Mahodara isn’t easy and its complexity showcases the intent behind the brand’s vision of presenting to the world the beliefs, faiths, and rituals of the Indian culture.
This is a new perfume (2021) by Karmic Hues, and this review is written by Rajiv Burad – a guest writer for The Plum Girl!
Srivathsa Subramanian Sivakumar more popularly known as S3 is the man behind Karmic Hues, a house born out of sheer passion and love for perfumes. His enthusiasm grew in the same way as it did for most of us with some basic perfumes, then some niche, and then some indie perfumes.
The journey however was way different; he did not stick to just collecting perfumes and taking pictures. He wanted more, he wanted to learn the art, he wanted to create perfumes and above all he wanted to tell stories in the form of perfumes, this is where the idea of Karmic Hues came to be.
The most important aspect of the entire Karmic Hues line is that they are different, bold, and speak a language that not many fragrance enthusiasts appreciate since they are neither an alternative to something nor a clone of anything. Everything about the house is original, the idea, the scent, the name, and the perfumer’s vision.
The house is one of the very few that stands alone in its own country amidst the crowd of perfumers who make inspired impressions of already existing scents and consumers who want the same thing in as many different bottles as possible and such is the subjectivity of this art that nothing is right or wrong.
The first series of perfumes from the house is called ‘The Cosmic Balance’ with four perfumes; Mahodara, Matangi, Ushira, and Parvatha.
Mahodara happens to be the most intriguing for me from the collection for its raw nature and mysterious characteristics. The notes breakdown is different, complex, unusual, and alluring all at once. Listed notes are Indonesian Patchouli, olibanum, immortelle, petitgrain, balsam, clove bud, tobacco, violet, civet, amber, musk, black vanilla, and holy ash.
Mahodara as a perfume embodies a lot of things and it is also one of the names of Lord Ganesha. He incarnated as Mahodara to conquer Mohasura the demon of delusion and confusion. When Lord Ganesha decided to fight the demon himself, the demon chose to ask for forgiveness rather than fighting.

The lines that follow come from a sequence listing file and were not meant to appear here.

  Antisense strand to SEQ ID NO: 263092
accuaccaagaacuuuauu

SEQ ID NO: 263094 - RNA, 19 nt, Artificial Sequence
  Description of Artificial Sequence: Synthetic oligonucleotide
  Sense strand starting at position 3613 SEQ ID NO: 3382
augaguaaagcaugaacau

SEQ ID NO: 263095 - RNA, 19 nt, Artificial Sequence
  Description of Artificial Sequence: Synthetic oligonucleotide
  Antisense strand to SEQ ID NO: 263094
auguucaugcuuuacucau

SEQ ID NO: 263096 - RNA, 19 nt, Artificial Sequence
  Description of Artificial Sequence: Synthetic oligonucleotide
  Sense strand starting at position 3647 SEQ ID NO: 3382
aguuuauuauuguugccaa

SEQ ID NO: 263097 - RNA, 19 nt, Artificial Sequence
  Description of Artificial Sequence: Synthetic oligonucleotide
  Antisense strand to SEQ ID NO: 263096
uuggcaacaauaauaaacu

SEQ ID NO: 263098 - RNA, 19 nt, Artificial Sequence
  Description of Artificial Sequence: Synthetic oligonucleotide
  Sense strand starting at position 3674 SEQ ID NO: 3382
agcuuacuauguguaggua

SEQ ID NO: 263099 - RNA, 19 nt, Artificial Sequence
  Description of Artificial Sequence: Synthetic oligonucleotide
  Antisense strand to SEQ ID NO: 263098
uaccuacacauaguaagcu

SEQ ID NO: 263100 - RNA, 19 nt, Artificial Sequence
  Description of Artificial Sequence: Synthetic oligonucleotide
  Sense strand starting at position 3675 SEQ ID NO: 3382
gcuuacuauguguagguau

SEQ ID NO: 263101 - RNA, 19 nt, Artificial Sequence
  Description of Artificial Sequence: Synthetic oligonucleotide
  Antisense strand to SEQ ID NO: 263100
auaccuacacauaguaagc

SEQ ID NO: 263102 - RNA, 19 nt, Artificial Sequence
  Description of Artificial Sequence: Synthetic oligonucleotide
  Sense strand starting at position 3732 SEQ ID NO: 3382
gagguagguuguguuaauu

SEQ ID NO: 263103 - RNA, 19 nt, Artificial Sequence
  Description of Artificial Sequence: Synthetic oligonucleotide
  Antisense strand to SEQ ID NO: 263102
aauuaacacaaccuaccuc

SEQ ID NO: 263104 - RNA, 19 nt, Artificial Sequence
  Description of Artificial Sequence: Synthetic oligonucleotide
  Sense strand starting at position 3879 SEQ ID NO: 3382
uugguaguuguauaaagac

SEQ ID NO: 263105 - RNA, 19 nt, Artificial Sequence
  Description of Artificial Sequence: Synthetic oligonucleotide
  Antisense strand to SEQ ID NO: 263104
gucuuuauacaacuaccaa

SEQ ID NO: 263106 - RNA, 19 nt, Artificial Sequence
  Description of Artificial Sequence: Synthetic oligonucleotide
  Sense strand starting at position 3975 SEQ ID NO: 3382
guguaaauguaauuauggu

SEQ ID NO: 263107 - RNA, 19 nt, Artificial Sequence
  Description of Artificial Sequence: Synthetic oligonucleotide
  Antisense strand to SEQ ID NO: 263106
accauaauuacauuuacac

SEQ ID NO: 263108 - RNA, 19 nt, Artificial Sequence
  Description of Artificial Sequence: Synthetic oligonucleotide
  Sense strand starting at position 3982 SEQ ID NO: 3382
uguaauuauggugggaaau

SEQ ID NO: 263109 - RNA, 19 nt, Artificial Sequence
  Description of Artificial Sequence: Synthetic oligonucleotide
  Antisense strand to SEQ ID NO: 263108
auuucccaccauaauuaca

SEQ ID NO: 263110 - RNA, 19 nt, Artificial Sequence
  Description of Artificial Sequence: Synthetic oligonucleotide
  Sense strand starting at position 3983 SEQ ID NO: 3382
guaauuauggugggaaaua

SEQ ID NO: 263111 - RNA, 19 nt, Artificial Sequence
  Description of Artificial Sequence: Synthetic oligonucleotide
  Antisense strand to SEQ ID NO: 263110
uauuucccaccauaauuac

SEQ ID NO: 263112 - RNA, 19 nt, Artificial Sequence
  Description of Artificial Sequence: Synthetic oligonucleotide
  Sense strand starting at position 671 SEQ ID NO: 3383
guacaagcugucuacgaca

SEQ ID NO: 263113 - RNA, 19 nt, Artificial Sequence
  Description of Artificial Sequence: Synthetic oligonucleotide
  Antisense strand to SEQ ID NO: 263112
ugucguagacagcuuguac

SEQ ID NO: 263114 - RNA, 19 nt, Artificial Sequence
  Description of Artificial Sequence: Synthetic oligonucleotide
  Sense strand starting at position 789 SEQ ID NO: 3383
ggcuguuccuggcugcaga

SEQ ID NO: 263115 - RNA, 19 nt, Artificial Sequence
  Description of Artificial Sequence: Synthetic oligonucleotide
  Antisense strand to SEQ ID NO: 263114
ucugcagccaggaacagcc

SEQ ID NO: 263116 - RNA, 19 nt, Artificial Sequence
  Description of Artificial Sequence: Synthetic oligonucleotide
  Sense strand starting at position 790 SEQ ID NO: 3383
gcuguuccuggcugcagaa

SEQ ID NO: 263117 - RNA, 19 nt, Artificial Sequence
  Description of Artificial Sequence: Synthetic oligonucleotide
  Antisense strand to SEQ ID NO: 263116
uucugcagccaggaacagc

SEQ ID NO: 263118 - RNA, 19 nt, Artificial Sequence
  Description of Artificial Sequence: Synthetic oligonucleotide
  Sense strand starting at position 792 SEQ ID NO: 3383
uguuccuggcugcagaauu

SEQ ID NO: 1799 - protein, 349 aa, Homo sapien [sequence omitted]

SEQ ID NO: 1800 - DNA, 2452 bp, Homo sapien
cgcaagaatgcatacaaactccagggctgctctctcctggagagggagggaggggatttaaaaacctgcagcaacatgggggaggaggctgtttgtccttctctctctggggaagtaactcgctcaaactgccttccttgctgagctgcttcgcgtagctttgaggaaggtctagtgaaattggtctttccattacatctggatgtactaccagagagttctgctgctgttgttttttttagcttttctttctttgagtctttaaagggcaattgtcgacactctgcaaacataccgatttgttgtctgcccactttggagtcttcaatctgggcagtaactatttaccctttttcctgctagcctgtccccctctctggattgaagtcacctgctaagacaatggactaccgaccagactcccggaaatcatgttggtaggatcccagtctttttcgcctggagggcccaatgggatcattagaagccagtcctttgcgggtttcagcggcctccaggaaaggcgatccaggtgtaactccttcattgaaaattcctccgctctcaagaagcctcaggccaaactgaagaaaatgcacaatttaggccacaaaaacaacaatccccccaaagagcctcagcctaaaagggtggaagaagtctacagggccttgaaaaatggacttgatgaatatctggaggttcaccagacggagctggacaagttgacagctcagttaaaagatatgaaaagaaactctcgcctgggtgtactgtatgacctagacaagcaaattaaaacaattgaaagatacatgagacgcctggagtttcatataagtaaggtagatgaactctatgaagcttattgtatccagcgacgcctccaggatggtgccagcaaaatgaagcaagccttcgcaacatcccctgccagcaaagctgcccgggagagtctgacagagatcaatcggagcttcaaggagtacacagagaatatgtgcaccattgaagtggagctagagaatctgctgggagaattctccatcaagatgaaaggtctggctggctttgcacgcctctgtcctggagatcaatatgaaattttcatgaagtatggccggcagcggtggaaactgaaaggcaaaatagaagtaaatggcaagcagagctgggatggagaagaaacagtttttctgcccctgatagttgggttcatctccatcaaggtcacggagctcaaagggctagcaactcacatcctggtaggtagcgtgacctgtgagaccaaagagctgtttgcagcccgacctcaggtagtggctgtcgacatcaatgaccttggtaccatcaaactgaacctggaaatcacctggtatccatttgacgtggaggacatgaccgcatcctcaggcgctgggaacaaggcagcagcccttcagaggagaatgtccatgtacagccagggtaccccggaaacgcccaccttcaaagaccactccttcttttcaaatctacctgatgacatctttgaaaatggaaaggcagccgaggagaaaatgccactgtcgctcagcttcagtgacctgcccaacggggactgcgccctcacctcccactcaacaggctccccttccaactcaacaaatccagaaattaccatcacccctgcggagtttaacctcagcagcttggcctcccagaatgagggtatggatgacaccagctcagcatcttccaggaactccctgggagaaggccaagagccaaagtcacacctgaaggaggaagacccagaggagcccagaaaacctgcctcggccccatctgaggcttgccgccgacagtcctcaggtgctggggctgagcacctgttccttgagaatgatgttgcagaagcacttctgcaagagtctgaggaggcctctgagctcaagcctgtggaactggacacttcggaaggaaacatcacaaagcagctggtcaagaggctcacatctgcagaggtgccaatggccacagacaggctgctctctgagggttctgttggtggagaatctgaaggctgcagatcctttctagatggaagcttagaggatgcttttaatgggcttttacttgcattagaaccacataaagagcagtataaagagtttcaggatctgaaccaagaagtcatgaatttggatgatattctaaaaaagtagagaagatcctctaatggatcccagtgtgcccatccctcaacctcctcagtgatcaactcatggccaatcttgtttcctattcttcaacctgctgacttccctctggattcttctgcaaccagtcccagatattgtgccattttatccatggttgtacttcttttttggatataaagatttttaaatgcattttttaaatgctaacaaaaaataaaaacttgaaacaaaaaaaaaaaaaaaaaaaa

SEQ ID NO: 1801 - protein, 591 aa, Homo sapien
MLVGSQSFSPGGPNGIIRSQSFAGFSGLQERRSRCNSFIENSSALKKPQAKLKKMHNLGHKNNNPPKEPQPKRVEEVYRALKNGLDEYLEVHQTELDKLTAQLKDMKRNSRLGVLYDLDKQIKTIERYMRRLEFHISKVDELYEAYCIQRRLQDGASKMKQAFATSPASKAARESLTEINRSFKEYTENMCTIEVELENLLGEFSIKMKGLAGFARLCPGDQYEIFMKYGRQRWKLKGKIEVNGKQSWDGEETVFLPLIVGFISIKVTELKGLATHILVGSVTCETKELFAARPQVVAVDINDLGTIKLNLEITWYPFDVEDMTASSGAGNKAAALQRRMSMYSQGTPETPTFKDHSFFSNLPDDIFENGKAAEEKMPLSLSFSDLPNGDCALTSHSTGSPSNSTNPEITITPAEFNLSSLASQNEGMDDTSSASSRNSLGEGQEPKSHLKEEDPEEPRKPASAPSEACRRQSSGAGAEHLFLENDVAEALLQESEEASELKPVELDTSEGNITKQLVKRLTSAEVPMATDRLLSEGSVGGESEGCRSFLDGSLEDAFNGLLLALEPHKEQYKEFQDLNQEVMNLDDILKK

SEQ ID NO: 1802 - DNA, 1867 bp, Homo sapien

Pleased by his gesture Lord Mahodara forgave the demon and cast him back to the netherworld forever. The scent itself feels a lot like this episode a very humbling experience.
The stories that can be brought to life by a perfumer are enjoyed more as a story and as a perfume as well.
The very first whiff of Mahodara indicates the intricacy of the perfume and a lot is going on at the first spray, a cloud of notes fighting amongst each other to stand out. The few notes that glimmer the most are petitgrain, hints of vanilla and mostly olibanum, and a well-sculptured note of Clove.
Petitgrain hasn’t got life in the perfume for more than 5 minutes and the same happens with some other notes too. From here on, the perfume is more about the balsams, incense, ash, and patchouli. The most prominent of all notes is the clove and incense note and they make their position of dominance very clear until the end of the perfume.
The transition from its top to the middle doesn’t have a drastic change but there’s a catch, the top and the mid have very subtle camphor notes which in my opinion is from the clove, patchouli, and olibanum. These three have camphor nuances in common between them.
What’s most staggering is that the structure of the entire perfume throughout its journey is dry and balsamic irrespective of notes being present of resinous and floral nature.
Dry down is the most important part of a perfume, for that is the stage when the perfume is in a state of rest and fully matured. Everything that we can smell now is what the perfume was destined to smell like.
Mahodara is the most beautiful in its dry-down; its true meaning is justified at this stage. The notes of ash, cloves, patchouli, and vanilla make the dry down wonderful. Clove isn’t an easy note to tame and here it’s the most important and one of the most prominent notes.
The note that is supporting the clove note is the incense note which at the end starts giving the vibe of Holy Ash. It is also called Vibhuti in Indian traditional terms; a grey-colored powder made by burning cow dung mixed in milk, honey, and ghee.
The importance of this substance can be found all over the Indian culture mostly related to Lord Shiva. The note of holy ash in the perfume does come across as an accord made out of incense, clove, and patchouli but this is only a guess. I am not sure where it comes from but it gives Karmic Hues a very unique and fearless edge.
I am absolutely in love with it and I wish more perfumers introduce this in a perfume!
A very important thing that most fragrance enthusiasts fail to understand is that an Indie perfumer isn’t aiming to make a mass pleasing scent; he/she is telling a tale, creating an emotion, evoking a memory, enhancing your senses, and broadening your horizon: just as Mahodara is.
Rajiv Burad, Guest Writer and Author of Scentedhaven
Photos: Parfums Karmic Hues, Wordzz, Rajiv Burad